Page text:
Cart (Loading....) | Create Account
Close category search window
 

Development and qualitative assessment of the GAMECycle exercise system

Sign In

Cookies must be enabled to login.After enabling cookies , please use refresh or reload or ctrl+f5 on the browser for the login options.

Formats Non-Member Member
$31 $13
Learn how you can qualify for the best price for this item!
Become an IEEE Member or Subscribe to
IEEE Xplore for exclusive pricing!
close button

puzzle piece

IEEE membership options for an individual and IEEE Xplore subscriptions for an organization offer the most affordable access to essential journal articles, conference papers, standards, eBooks, and eLearning courses.

Learn more about:

IEEE membership

IEEE Xplore subscriptions

7 Author(s)
Songfeng Guo ; Dept. of Rehabilitation Sci. & Technol., Univ. of Pittsburgh, PA, USA ; Grindle, G. ; Authier, E.L. ; Cooper, R.A.
more authors

Increased physical activity is important for reducing the risk of cardiovascular disease. However, among people with disabilities, inactivity is prevalent. In order to encourage exercise among members of this group, an exercise system combining arm ergometry with video gaming, called the GAMECycle was previously developed. User input was received through an arm crank ergometer on a swivel, with the angular velocity of the ergometer resistance wheel controlling one axis and rotation of ergometer about the swivel controlling the other. The purpose of this study was to detail the algorithms used in this device and present novel features included in a second generation of the GAMECycle. The features include a wheel on base, a steering return mechanism, and wireless fire buttons. A focus group of clinicians (n=8), wheelchair users (n=8), and clinician wheelchair users (n=2) was conducted to evaluate the features of the GAMECycle. The focus group suggested improvements to the steering mechanism and to reduce vibration in the system. However, the focus group enjoyed the GAMECycle and felt that it would encourage exercise among persons with disabilities.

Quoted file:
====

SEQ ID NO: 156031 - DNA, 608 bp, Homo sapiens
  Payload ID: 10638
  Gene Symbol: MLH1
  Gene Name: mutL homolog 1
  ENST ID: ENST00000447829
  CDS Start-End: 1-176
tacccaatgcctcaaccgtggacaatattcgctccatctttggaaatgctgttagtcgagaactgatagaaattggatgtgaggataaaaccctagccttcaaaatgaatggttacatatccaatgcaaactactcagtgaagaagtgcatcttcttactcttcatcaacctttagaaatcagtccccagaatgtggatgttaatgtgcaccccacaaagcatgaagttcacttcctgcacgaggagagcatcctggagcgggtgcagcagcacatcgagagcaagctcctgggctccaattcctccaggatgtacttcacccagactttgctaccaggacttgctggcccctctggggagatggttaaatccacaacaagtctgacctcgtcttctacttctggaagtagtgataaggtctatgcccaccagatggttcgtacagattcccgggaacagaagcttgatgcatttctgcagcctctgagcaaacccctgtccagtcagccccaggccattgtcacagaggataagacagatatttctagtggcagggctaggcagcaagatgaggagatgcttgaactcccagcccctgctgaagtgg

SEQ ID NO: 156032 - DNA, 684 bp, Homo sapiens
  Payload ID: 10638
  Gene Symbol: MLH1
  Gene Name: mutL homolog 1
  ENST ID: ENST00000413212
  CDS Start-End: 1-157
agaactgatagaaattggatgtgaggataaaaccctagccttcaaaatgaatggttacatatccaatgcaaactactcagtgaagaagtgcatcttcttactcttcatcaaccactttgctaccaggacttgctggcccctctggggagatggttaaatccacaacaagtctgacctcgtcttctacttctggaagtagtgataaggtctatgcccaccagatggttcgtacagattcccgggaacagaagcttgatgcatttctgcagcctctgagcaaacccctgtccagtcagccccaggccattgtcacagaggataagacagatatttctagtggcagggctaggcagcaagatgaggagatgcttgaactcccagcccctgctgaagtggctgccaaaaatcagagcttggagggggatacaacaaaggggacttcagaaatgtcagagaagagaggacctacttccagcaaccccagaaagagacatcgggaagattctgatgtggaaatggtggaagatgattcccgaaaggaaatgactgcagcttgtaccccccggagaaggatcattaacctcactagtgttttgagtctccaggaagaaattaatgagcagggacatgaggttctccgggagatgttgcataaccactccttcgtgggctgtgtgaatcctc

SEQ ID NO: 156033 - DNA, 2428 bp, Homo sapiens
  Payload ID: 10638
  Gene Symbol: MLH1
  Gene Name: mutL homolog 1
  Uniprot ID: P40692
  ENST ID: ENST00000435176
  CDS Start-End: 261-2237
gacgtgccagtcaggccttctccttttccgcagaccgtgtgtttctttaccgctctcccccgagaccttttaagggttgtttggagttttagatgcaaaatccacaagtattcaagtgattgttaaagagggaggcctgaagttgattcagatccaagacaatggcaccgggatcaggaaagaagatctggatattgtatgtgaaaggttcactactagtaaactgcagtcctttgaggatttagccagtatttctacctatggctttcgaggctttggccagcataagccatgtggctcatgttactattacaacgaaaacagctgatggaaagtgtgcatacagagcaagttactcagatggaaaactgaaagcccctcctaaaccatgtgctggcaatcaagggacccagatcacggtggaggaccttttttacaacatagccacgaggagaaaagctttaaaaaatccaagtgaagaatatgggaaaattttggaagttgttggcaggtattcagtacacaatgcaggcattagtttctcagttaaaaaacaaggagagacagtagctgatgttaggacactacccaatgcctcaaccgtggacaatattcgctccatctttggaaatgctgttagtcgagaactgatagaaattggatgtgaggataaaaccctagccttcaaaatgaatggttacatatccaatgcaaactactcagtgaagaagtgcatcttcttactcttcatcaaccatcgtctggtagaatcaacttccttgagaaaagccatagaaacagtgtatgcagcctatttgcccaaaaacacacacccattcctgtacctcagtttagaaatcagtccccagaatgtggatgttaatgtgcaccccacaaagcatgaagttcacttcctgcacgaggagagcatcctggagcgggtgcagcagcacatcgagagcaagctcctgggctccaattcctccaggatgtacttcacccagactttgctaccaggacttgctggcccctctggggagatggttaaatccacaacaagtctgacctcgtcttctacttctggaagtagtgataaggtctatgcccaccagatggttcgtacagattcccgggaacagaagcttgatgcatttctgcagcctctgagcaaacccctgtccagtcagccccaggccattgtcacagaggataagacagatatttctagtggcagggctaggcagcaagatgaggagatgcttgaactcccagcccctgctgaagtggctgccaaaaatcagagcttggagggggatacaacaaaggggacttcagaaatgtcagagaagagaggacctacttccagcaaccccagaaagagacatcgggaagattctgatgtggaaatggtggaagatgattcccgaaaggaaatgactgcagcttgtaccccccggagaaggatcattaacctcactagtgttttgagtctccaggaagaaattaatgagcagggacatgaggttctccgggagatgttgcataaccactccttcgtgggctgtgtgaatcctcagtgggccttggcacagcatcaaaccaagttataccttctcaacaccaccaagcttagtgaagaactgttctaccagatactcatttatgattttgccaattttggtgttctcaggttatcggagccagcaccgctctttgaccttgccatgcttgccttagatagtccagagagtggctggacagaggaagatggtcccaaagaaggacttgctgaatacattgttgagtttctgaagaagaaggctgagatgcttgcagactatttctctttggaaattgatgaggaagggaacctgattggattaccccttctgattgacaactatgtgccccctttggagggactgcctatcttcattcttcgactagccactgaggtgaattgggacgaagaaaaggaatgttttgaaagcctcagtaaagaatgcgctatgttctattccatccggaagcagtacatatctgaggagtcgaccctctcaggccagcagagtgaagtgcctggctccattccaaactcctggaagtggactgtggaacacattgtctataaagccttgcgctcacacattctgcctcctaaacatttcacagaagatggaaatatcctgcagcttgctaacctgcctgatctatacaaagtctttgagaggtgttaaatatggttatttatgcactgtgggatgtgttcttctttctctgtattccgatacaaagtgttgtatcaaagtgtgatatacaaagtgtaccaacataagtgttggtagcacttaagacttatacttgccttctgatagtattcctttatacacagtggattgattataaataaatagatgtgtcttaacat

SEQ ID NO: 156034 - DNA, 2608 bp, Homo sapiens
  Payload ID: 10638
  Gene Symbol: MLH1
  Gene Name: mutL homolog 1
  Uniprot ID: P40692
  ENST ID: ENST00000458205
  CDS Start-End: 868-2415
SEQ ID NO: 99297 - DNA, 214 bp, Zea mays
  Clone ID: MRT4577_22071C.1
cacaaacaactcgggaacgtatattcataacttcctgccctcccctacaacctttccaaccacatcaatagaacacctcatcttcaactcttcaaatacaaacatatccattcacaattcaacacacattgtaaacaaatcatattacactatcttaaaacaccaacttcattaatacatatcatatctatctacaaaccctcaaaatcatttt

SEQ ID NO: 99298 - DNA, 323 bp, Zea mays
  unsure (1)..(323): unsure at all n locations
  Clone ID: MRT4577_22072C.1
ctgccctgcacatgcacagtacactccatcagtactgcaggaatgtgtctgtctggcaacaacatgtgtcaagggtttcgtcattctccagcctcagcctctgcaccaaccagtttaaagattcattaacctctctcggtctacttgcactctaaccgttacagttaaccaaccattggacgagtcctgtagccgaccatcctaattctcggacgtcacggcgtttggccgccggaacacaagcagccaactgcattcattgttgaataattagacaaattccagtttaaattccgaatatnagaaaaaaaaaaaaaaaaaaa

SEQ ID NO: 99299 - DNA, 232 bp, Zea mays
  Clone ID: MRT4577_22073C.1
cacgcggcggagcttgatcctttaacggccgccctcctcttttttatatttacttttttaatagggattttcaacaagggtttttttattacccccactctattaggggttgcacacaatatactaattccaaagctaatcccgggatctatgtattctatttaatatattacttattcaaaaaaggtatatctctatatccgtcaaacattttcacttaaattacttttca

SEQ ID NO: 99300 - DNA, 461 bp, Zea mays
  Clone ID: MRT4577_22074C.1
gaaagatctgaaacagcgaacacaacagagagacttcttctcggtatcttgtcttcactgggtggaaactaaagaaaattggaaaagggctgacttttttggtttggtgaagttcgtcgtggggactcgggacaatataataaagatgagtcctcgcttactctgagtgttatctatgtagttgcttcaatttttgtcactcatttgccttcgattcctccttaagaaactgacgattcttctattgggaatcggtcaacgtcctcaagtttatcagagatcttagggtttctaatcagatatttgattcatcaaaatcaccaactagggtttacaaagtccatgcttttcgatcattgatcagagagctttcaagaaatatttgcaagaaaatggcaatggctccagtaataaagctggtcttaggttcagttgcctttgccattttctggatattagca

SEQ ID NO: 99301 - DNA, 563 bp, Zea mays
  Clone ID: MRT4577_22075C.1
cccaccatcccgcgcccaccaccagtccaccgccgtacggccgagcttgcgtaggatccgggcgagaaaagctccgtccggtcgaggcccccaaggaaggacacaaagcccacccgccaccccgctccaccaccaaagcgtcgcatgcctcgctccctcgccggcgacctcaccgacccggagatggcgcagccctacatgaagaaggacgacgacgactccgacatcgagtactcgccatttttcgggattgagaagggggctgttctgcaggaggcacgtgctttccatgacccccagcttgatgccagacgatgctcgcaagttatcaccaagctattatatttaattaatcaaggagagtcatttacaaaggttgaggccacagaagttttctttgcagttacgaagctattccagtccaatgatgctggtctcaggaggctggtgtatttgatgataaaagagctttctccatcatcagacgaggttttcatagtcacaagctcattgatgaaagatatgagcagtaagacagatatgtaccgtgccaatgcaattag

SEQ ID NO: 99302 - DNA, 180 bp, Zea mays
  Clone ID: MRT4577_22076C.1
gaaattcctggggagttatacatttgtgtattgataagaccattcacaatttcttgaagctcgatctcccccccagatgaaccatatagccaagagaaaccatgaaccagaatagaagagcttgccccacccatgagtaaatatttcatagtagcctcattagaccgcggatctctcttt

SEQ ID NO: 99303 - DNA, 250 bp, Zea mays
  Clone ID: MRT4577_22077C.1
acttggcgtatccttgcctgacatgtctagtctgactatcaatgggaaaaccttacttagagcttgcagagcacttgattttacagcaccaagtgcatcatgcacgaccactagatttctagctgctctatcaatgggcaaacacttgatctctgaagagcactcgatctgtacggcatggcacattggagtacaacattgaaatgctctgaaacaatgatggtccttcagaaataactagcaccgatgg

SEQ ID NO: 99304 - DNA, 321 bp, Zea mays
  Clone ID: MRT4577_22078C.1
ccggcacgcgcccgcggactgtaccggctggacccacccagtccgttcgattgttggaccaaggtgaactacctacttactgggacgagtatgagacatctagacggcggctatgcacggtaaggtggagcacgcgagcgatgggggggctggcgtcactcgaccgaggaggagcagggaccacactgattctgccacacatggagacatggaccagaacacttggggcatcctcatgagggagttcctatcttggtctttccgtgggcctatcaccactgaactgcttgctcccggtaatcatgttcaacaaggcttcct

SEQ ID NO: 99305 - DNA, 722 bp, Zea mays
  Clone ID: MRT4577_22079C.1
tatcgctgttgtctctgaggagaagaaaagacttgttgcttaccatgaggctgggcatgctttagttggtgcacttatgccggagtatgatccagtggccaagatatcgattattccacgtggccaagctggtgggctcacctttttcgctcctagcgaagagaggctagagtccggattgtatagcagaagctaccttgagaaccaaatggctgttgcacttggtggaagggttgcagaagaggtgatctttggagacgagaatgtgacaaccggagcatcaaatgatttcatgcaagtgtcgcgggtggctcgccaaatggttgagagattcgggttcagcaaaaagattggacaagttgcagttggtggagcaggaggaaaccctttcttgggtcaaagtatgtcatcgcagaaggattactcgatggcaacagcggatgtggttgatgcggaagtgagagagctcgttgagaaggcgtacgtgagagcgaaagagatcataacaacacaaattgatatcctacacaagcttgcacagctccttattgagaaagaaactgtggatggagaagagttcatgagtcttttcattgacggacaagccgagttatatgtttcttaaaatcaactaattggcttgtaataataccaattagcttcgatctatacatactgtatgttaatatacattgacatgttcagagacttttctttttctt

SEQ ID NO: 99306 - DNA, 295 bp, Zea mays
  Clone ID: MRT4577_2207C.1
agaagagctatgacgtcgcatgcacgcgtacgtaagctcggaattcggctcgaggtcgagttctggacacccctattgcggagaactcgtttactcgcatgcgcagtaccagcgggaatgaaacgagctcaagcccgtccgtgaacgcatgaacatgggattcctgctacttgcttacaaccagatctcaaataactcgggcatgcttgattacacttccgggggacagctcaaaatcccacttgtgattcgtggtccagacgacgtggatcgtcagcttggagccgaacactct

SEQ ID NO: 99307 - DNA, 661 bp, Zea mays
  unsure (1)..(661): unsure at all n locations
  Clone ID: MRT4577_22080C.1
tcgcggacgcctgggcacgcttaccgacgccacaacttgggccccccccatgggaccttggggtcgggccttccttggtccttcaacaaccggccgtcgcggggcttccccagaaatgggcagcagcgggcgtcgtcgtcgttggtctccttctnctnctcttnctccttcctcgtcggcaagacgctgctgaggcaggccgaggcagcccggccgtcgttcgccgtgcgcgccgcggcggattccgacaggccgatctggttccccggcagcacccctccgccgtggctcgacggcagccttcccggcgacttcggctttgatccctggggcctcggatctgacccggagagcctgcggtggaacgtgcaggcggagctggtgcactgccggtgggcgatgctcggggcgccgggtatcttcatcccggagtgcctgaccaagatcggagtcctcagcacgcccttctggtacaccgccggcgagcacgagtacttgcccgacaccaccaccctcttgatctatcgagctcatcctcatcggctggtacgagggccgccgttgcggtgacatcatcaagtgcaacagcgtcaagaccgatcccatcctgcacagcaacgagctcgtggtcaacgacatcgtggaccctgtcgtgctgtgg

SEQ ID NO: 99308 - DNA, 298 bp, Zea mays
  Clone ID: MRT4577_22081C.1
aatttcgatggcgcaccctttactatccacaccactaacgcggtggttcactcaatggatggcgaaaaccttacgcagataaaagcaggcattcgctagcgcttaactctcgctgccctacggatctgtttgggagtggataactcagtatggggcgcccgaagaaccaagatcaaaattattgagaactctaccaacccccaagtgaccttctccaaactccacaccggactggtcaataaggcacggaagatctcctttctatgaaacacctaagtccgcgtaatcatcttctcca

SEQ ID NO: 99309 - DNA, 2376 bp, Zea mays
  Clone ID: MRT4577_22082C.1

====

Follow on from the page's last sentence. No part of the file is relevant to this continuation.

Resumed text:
Published in:

Neural Systems and Rehabilitation Engineering, IEEE Transactions on  (Volume:14 ,  Issue: 1 )

Date of Publication:

March 2006

Need Help?


IEEE Advancing Technology for Humanity About IEEE Xplore | Contact | Help | Terms of Use | Nondiscrimination Policy | Site Map | Privacy & Opting Out of Cookies

A not-for-profit organization, IEEE is the world's largest professional association for the advancement of technology.
© Copyright 2014 IEEE - All rights reserved. Use of this web site signifies your agreement to the terms and conditions.